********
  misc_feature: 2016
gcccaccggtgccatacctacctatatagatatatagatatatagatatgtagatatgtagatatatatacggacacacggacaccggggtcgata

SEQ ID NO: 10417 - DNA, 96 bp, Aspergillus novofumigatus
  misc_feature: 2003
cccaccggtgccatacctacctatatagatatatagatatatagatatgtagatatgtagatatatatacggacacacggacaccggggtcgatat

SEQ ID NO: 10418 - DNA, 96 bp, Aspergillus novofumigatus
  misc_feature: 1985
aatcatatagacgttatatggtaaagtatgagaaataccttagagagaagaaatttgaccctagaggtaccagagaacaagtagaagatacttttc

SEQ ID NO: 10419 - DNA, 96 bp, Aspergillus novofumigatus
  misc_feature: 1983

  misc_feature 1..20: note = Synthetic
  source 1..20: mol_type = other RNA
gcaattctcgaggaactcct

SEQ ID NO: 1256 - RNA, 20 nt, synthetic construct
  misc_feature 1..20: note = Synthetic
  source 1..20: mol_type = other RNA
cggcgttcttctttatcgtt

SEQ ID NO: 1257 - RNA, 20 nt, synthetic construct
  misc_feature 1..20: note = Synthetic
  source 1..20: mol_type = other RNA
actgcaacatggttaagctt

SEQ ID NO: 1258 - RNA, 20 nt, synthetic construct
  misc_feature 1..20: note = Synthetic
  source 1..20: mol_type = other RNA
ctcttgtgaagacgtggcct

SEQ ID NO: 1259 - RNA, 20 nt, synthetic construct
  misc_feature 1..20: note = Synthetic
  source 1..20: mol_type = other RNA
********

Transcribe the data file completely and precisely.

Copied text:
  misc_feature: 2016
gcccaccggtgccatacctacctatatagatatatagatatatagatatgtagatatgtagatatatatacggacacacggacaccggggtcgata

SEQ ID NO: 10417 - DNA, 96 bp, Aspergillus novofumigatus
  misc_feature: 2003
cccaccggtgccatacctacctatatagatatatagatatatagatatgtagatatgtagatatatatacggacacacggacaccggggtcgatat

SEQ ID NO: 10418 - DNA, 96 bp, Aspergillus novofumigatus
  misc_feature: 1985
aatcatatagacgttatatggtaaagtatgagaaataccttagagagaagaaatttgaccctagaggtaccagagaacaagtagaagatacttttc

SEQ ID NO: 10419 - DNA, 96 bp, Aspergillus novofumigatus
  misc_feature: 1983

  misc_feature 1..20: note = Synthetic
  source 1..20: mol_type = other RNA
gcaattctcgaggaactcct

SEQ ID NO: 1256 - RNA, 20 nt, synthetic construct
  misc_feature 1..20: note = Synthetic
  source 1..20: mol_type = other RNA
cggcgttcttctttatcgtt

SEQ ID NO: 1257 - RNA, 20 nt, synthetic construct
  misc_feature 1..20: note = Synthetic
  source 1..20: mol_type = other RNA
actgcaacatggttaagctt

SEQ ID NO: 1258 - RNA, 20 nt, synthetic construct
  misc_feature 1..20: note = Synthetic
  source 1..20: mol_type = other RNA
ctcttgtgaagacgtggcct

SEQ ID NO: 1259 - RNA, 20 nt, synthetic construct
  misc_feature 1..20: note = Synthetic
  source 1..20: mol_type = other RNA